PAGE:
The ‘Great Resignation’ is upon us. According to some recent research from Microsoft, more than 40% of workers around the world are considering quitting jobs or changing their professions. This could be positive for the legal sector, an opportunity for fresh blood to enter the industry. However, it could also be detrimental to talent retention if law firms don’t play their cards right.
The global pandemic has given law firm employees a taste of hybrid working and a better work/life balance. Now the genie is out of the bottle. Law firms will need to ensure flexible working isn’t simply a one-off but rather a permanent part of their employment strategy. This means doubling down on technology investments and putting in the right processes to enhance working practices and employee wellbeing.
It’s therefore extremely positive to see that many leaders recognise the importance of investing in technology such as automation to increase productivity, making the lives of legal professionals easier. As the research results show, the leading reason for more automation is to help make legal work quicker or more efficient. However, it’s also clear from the research that more can be to be done from a technology and user adoption standpoint to make hybrid working a success. For example, client relationship management, intranet/KM systems, e-signing and internal project management/portal-based collaboration were all highlighted as top areas where law firms now need to drive up use across the business. This highlights that the legal sector is still very much at the start of its hybrid-working journey as further efficiency and productivity gains are being left on the table.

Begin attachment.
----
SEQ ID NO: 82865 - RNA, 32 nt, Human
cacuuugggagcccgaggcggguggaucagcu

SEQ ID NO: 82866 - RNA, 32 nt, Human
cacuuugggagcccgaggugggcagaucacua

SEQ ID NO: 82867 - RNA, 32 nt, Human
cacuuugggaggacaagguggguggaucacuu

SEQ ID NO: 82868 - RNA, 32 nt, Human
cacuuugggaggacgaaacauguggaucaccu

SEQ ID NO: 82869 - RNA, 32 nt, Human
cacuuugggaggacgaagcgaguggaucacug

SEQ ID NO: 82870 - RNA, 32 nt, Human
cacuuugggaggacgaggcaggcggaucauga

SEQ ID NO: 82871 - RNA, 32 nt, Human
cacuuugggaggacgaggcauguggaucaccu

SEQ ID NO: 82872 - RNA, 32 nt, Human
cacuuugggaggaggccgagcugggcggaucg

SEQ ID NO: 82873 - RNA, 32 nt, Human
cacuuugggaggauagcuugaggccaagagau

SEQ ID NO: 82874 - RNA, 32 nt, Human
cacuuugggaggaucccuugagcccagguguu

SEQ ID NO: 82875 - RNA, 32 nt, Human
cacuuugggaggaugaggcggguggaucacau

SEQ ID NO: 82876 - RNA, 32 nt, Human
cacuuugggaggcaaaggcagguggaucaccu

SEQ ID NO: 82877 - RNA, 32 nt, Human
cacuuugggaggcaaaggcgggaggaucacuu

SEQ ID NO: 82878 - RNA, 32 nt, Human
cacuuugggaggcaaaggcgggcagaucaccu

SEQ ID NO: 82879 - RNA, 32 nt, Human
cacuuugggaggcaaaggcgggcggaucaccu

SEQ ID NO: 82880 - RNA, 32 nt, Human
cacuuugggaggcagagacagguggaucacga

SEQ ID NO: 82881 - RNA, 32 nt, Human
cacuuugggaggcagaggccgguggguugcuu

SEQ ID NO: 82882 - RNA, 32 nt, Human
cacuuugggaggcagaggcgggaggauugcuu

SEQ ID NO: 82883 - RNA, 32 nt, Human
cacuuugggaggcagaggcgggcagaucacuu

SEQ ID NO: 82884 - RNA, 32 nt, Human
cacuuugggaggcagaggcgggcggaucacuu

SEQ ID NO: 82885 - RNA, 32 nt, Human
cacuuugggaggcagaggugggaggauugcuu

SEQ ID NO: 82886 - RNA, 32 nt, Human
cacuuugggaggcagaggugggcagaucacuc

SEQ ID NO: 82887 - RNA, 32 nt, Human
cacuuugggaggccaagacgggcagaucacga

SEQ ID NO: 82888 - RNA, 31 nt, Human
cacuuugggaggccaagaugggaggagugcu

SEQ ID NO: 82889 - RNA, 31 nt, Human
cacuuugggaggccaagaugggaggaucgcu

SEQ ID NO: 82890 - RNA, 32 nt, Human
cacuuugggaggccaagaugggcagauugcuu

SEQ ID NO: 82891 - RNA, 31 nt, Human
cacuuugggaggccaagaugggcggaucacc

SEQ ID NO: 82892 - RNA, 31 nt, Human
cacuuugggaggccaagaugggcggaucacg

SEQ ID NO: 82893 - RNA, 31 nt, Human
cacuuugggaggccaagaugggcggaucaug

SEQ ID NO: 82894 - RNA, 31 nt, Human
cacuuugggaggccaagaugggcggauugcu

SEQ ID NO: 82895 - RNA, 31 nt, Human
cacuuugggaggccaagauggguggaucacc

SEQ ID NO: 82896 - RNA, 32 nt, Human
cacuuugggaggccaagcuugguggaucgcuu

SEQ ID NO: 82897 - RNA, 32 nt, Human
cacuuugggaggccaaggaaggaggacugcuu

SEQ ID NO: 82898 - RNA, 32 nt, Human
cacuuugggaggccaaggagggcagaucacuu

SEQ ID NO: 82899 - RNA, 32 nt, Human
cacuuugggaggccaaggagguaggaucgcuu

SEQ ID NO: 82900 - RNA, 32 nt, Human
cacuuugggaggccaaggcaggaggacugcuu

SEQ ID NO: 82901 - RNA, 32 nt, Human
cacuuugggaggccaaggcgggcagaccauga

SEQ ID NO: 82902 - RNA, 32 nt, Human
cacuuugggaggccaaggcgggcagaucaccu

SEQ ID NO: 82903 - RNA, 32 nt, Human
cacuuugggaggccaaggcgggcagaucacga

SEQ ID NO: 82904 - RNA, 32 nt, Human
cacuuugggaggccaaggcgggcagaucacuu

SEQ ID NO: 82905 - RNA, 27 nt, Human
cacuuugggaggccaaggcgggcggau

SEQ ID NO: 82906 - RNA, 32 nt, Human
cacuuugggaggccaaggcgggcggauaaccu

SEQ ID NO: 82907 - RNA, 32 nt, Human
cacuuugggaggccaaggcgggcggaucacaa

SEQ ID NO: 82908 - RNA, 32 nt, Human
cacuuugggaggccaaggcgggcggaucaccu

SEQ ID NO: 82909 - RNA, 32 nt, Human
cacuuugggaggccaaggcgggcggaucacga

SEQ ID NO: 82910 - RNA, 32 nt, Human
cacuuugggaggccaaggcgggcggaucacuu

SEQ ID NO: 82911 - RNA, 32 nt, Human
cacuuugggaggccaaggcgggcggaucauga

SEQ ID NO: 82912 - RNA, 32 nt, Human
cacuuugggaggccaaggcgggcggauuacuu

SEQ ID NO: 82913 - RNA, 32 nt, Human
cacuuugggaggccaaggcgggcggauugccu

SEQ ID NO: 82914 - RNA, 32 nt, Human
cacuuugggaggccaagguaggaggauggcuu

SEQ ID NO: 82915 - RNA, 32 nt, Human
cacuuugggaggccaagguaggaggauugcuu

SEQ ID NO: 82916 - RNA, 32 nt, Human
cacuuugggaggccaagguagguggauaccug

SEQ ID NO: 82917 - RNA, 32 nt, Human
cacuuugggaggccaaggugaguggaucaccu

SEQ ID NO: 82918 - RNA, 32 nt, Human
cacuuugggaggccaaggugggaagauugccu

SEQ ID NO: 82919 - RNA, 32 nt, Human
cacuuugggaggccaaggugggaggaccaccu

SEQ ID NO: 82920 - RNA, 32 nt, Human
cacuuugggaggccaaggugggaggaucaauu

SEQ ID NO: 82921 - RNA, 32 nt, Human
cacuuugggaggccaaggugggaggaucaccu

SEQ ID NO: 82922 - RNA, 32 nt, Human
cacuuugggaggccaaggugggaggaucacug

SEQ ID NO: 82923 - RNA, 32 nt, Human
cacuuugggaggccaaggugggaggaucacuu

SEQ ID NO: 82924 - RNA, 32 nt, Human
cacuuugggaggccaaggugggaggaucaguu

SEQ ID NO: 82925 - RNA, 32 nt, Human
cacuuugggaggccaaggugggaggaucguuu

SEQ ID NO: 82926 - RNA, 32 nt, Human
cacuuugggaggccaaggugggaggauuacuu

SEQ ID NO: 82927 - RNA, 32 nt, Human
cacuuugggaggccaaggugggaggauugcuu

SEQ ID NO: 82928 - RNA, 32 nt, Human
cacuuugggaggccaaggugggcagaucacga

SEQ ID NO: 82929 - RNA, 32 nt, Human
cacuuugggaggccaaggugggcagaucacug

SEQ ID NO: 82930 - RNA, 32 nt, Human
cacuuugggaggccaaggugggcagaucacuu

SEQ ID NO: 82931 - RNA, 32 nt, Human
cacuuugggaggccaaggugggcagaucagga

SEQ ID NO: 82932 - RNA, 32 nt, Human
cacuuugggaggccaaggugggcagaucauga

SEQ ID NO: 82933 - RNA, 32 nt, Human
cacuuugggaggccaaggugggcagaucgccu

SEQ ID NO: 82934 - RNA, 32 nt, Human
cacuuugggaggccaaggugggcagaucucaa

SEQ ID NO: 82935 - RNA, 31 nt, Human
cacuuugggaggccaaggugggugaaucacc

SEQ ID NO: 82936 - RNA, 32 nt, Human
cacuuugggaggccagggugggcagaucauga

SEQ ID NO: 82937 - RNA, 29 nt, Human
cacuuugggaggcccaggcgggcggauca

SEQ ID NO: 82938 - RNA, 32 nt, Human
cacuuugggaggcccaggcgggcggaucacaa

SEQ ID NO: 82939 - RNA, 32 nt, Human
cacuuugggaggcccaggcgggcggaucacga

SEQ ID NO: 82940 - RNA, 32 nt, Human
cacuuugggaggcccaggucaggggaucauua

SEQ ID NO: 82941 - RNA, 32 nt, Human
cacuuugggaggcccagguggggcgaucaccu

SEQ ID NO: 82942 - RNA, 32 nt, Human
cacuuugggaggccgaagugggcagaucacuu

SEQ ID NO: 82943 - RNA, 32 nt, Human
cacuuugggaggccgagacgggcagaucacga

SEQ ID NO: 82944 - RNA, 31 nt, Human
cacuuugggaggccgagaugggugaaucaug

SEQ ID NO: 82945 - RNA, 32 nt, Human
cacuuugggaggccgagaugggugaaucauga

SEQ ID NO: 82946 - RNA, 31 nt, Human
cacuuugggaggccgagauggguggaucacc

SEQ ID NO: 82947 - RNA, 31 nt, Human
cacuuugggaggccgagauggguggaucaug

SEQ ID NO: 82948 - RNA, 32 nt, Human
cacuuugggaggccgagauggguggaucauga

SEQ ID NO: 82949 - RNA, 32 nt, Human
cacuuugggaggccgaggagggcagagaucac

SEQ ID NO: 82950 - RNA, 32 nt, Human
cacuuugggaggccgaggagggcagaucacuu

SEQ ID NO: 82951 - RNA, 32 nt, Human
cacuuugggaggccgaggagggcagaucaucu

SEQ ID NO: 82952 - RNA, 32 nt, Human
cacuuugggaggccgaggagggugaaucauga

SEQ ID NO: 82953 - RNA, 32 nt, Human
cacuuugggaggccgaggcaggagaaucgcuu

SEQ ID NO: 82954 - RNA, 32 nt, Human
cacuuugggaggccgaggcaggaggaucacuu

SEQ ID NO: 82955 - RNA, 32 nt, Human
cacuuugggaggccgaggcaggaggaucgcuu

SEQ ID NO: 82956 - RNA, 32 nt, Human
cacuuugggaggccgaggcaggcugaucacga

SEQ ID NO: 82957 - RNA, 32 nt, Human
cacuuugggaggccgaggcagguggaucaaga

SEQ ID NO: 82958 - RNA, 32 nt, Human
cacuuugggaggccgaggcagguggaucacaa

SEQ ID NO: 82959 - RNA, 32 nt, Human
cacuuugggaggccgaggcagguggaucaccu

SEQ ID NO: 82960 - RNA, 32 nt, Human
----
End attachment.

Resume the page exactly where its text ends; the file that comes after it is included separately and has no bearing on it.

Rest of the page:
Investing in technology to support hybrid working will now play a vital role in ensuring that talent can work productively from any location. With legal business leaders estimating people will be in the office just two days a week on average in this new working world, firms must ensure that those employees are equipped with the right tools to be able to work effectively. Those that don’t risk watching their talent walk out the door.